Alpha Sigma Society Founder's Page
Irwin Haydock

It was my pleasure to be there for the 50th reunion of Alpha Sigma Society, and also for the 20th (back in 1977). Now I have my 20th T-shirt signed by you, Joe Cotchett, Walt Clark, Joe Baiocco, Steve Holman, Frank Frankel, and Dan Robertson. I also proudly wear this years beautiful Alpha Sigma collared shirt, and my "Lifer" cap, complete with scrambled eggs, thanks to the generosity of Ralph Evans. It gives me the opening to tell others what we have accomplished. Finally, I have a name tag that contains on the back the original written meaning we attached to Alpha Sigma Society. Thanks. All these things are precious to me!

I was happy to find a few of the early birds, including 'Big Bird' Joseph Cotchett* and another one of my closest friends, Michael McRae, who brought his wife by on Friday to say hello - she had a great time and wants to do it again. They just live over the hill! I also missed seeing Willis Hill who was just a few miles away, but Hal Wright was there to make me feel at home. Sadly, I was not able to convince Steve Walther to leave Vegas on such short notice, and I never got a call back from Oliver Wilgress in Bellingham? I had the advantage of everyone knowing my name, and a bit of my reputation (from Google?); I wish I could have come to know each of you as well. We should each call a few brothers to expand the circle the next time, maybe on one of those short cruises - not to the Antarctic, please.

I know that the Society has evolved in new ways over the past five decades. But I believe that the proof of our original concept and purpose was clearly shown by every individual I met and/or heard about at our reunion. I just wish there had been more time to get to know each one of you better. Together, we have accomplished a great deal over the past half-century, and we must certainly keep doing this as long as we are able.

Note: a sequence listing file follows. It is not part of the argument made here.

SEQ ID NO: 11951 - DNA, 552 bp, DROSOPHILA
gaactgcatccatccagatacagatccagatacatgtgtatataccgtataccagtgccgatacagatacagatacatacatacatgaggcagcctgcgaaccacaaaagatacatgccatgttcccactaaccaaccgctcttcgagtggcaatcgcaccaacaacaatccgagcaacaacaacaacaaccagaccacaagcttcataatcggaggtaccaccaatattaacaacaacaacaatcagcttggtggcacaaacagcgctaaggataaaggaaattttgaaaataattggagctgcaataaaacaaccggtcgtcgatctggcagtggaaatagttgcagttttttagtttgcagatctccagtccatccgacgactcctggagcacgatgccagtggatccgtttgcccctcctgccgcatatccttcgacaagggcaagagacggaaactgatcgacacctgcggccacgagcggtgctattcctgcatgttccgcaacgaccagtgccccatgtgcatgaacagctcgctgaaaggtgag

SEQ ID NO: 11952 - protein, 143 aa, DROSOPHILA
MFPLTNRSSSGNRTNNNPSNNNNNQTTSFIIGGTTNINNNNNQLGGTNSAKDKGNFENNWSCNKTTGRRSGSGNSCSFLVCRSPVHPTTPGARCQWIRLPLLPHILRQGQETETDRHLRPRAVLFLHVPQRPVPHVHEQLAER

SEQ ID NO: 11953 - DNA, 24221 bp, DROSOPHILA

Please keep me in the Alumni's loop; I do want to contribute in any way I can. I will start by sending in my Life Membership dues to the Alumni Association ASAP. And, also, I should mention that Eva was very impressed with what we had accomplished as a Society. She came away very happy that she had been able to meet all of you and hopes to do it again, soon.

Finally, it was nice to hear from you that my old pal John Madden acknowledged our Pozo adventure on his KCBS talk show. But I still think John is a real turkey (even though his favorite holiday meal is 'TurDuckEn') and he needs to show more appreciation to our school, Cal Poly, which gave him his start. Maybe he should start thinking like our own famous founder, Joseph Cotchett, and find his own unique way to give back. Pat Lovell, an even closer friend of mine living in Santa Cruz, had forgotten all about Pozo, but he continues to honor Cal Poly's history as a place with his occasional presence. We have all 'Learned by Doing' and we should all pay it back to assure Cal Poly's bright future. That is why I am serving on our small committee.

My best to all the brothers, and all their others, including our own little sisters (a unique concept that the founders regretfully neglected). The 50th was truly a memorable experience for me.

Irwin Haydock and Eva Byers

P.S. I must apologize for not ending my brief remarks more appropriately at the Saturday dinner. Later on that night I looked down and realized there is only one proper ending for a fraternity party. I forgot to ask us all to lift our many glasses of Conrad's son David's fine wines in a toast to the honored place Alpha Sigma Society holds in our hearts and in Cal Poly's history. Thank you David, thank you Cal Poly, SLO, and thank you Alpha Sigma Alumni. Hope to see you all again soon.

*For those who told me they thought Joe has neglected to mention his humble beginings. - as he recalls it:

... "Joe Cotchett has been a champion for justice since his college days. As an engineering student in the South, Joe challenged segregation by drinking from segregated water fountains and riding in the back of buses. Later, as a student at Cal Poly, Joe successfully established the first integrated fraternity, which prompted the other fraternities on campus to follow suit."

Joe recently sent me a copy of his book, The Ethics Gap: Greed and the Casino Society (The Erosion of Ethics in Our Professions, Business and Government) Joseph W. Cotchett. (Parker and Son, 1991), which should be required reading for all our Alpha Sigma brothers. Hopefully, he will bring it up to date since the lessons he documents have still not been put in practice. One recent example: sub-prime lending industry.

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